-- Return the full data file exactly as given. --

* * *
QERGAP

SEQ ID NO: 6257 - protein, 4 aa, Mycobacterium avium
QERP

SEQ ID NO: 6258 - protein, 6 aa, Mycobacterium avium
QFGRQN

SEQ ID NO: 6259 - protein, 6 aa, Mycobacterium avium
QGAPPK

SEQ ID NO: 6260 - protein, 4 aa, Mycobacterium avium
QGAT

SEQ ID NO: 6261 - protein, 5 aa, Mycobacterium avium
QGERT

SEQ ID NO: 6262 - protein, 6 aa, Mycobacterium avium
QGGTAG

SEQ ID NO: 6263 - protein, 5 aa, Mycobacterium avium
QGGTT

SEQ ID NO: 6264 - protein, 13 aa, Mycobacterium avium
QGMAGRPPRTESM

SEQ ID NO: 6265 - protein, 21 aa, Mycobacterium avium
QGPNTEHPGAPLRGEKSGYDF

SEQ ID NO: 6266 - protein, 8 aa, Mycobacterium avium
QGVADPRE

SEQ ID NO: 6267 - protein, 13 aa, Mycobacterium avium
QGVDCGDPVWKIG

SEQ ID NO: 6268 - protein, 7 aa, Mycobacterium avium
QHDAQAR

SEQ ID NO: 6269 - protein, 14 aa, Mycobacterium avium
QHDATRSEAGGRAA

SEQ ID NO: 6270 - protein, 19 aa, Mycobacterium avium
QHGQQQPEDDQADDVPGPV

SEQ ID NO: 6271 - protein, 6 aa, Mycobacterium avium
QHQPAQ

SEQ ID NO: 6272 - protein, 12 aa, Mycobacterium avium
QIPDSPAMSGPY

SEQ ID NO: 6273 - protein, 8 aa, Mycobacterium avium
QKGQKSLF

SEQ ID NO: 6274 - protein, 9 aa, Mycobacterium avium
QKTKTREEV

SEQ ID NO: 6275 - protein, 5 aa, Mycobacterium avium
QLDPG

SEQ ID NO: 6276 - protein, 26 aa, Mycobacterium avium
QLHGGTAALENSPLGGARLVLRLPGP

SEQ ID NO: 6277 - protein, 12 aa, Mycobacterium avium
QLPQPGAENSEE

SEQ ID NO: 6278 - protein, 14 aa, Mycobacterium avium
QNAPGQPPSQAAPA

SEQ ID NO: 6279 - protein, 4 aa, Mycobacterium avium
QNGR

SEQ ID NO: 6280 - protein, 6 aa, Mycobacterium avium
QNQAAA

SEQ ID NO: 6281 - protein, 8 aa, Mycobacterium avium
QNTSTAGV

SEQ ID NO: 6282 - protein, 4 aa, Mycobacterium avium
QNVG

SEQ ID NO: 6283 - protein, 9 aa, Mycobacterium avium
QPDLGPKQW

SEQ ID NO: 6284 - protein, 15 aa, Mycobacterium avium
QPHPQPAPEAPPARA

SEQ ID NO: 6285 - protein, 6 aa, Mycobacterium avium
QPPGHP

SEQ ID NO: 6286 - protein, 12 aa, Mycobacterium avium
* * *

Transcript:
QERGAP

SEQ ID NO: 6257 - protein, 4 aa, Mycobacterium avium
QERP

SEQ ID NO: 6258 - protein, 6 aa, Mycobacterium avium
QFGRQN

SEQ ID NO: 6259 - protein, 6 aa, Mycobacterium avium
QGAPPK

SEQ ID NO: 6260 - protein, 4 aa, Mycobacterium avium
QGAT

SEQ ID NO: 6261 - protein, 5 aa, Mycobacterium avium
QGERT

SEQ ID NO: 6262 - protein, 6 aa, Mycobacterium avium
QGGTAG

SEQ ID NO: 6263 - protein, 5 aa, Mycobacterium avium
QGGTT

SEQ ID NO: 6264 - protein, 13 aa, Mycobacterium avium
QGMAGRPPRTESM

SEQ ID NO: 6265 - protein, 21 aa, Mycobacterium avium
QGPNTEHPGAPLRGEKSGYDF

SEQ ID NO: 6266 - protein, 8 aa, Mycobacterium avium
QGVADPRE

SEQ ID NO: 6267 - protein, 13 aa, Mycobacterium avium
QGVDCGDPVWKIG

SEQ ID NO: 6268 - protein, 7 aa, Mycobacterium avium
QHDAQAR

SEQ ID NO: 6269 - protein, 14 aa, Mycobacterium avium
QHDATRSEAGGRAA

SEQ ID NO: 6270 - protein, 19 aa, Mycobacterium avium
QHGQQQPEDDQADDVPGPV

SEQ ID NO: 6271 - protein, 6 aa, Mycobacterium avium
QHQPAQ

SEQ ID NO: 6272 - protein, 12 aa, Mycobacterium avium
QIPDSPAMSGPY

SEQ ID NO: 6273 - protein, 8 aa, Mycobacterium avium
QKGQKSLF

SEQ ID NO: 6274 - protein, 9 aa, Mycobacterium avium
QKTKTREEV

SEQ ID NO: 6275 - protein, 5 aa, Mycobacterium avium
QLDPG

SEQ ID NO: 6276 - protein, 26 aa, Mycobacterium avium
QLHGGTAALENSPLGGARLVLRLPGP

SEQ ID NO: 6277 - protein, 12 aa, Mycobacterium avium
QLPQPGAENSEE

SEQ ID NO: 6278 - protein, 14 aa, Mycobacterium avium
QNAPGQPPSQAAPA

SEQ ID NO: 6279 - protein, 4 aa, Mycobacterium avium
QNGR

SEQ ID NO: 6280 - protein, 6 aa, Mycobacterium avium
QNQAAA

SEQ ID NO: 6281 - protein, 8 aa, Mycobacterium avium
QNTSTAGV

SEQ ID NO: 6282 - protein, 4 aa, Mycobacterium avium
QNVG

SEQ ID NO: 6283 - protein, 9 aa, Mycobacterium avium
QPDLGPKQW

SEQ ID NO: 6284 - protein, 15 aa, Mycobacterium avium
QPHPQPAPEAPPARA

SEQ ID NO: 6285 - protein, 6 aa, Mycobacterium avium
QPPGHP

SEQ ID NO: 6286 - protein, 12 aa, Mycobacterium avium